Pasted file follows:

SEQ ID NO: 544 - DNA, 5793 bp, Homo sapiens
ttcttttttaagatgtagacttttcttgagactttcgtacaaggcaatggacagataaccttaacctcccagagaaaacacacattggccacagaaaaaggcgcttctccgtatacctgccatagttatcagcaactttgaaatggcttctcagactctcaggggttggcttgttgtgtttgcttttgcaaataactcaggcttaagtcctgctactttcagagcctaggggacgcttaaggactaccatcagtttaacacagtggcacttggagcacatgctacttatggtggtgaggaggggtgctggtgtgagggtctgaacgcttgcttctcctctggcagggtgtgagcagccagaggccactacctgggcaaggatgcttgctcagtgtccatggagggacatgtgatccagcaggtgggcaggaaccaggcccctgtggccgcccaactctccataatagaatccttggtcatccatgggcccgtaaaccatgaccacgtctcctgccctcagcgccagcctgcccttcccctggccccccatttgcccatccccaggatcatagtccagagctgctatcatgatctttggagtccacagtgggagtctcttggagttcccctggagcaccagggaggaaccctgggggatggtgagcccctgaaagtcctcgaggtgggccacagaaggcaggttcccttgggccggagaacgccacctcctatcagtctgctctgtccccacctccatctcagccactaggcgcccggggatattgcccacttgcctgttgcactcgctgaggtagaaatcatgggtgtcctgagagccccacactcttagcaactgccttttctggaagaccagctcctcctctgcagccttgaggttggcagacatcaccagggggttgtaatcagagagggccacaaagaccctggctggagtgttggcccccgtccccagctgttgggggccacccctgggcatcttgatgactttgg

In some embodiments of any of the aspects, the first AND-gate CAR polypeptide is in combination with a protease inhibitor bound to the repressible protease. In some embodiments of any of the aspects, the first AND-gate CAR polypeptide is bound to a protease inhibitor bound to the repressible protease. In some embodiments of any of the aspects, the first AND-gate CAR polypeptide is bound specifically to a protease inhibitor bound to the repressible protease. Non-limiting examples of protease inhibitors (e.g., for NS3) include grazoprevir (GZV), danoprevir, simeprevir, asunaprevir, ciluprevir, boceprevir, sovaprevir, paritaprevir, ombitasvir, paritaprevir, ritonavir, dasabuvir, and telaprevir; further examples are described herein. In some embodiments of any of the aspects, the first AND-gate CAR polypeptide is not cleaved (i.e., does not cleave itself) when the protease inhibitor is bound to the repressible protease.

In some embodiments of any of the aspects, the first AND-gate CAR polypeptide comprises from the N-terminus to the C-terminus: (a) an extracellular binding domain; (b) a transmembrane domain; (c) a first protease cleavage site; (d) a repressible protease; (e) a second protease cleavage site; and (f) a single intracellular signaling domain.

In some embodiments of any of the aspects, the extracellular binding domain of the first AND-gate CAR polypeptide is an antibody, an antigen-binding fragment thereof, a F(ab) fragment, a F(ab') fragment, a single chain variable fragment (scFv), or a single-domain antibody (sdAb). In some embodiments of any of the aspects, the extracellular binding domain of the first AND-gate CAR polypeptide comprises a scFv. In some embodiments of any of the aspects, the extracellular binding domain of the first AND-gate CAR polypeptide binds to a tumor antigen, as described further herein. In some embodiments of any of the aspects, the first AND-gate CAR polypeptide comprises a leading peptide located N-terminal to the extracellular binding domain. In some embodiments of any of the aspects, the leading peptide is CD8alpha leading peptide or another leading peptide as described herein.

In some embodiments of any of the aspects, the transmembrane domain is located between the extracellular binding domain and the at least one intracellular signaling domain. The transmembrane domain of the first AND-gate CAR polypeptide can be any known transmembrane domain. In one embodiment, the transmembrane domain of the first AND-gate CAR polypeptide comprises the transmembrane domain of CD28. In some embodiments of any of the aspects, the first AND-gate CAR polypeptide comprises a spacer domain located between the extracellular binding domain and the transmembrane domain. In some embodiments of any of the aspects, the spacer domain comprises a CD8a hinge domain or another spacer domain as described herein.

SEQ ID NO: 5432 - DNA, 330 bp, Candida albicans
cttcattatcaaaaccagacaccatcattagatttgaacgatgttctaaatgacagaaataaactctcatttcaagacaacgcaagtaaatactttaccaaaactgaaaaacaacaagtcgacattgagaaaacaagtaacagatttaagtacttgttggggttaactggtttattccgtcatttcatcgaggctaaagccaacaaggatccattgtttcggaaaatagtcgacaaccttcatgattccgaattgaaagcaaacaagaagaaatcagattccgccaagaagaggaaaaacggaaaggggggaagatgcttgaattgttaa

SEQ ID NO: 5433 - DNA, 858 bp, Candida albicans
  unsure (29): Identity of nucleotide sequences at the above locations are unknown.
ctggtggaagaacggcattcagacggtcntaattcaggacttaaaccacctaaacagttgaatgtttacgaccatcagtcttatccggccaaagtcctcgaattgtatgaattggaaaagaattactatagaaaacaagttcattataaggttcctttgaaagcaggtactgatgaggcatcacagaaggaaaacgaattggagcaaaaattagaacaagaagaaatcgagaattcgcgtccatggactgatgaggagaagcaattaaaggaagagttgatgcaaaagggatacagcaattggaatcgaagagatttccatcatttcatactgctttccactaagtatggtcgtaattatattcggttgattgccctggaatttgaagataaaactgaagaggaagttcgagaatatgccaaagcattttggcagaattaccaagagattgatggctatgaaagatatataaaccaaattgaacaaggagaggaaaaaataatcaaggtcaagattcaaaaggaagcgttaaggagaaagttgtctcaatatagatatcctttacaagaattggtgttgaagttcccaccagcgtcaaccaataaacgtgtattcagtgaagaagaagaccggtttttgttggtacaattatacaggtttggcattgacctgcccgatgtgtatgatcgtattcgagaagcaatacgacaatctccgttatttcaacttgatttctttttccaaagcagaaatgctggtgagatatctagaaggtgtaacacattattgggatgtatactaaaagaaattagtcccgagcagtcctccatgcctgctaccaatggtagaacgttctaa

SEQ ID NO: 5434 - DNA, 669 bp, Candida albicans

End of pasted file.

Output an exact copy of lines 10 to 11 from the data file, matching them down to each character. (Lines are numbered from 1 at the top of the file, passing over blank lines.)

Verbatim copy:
  unsure (29): Identity of nucleotide sequences at the above locations are unknown.
ctggtggaagaacggcattcagacggtcntaattcaggacttaaaccacctaaacagttgaatgtttacgaccatcagtcttatccggccaaagtcctcgaattgtatgaattggaaaagaattactatagaaaacaagttcattataaggttcctttgaaagcaggtactgatgaggcatcacagaaggaaaacgaattggagcaaaaattagaacaagaagaaatcgagaattcgcgtccatggactgatgaggagaagcaattaaaggaagagttgatgcaaaagggatacagcaattggaatcgaagagatttccatcatttcatactgctttccactaagtatggtcgtaattatattcggttgattgccctggaatttgaagataaaactgaagaggaagttcgagaatatgccaaagcattttggcagaattaccaagagattgatggctatgaaagatatataaaccaaattgaacaaggagaggaaaaaataatcaaggtcaagattcaaaaggaagcgttaaggagaaagttgtctcaatatagatatcctttacaagaattggtgttgaagttcccaccagcgtcaaccaataaacgtgtattcagtgaagaagaagaccggtttttgttggtacaattatacaggtttggcattgacctgcccgatgtgtatgatcgtattcgagaagcaatacgacaatctccgttatttcaacttgatttctttttccaaagcagaaatgctggtgagatatctagaaggtgtaacacattattgggatgtatactaaaagaaattagtcccgagcagtcctccatgcctgctaccaatggtagaacgttctaa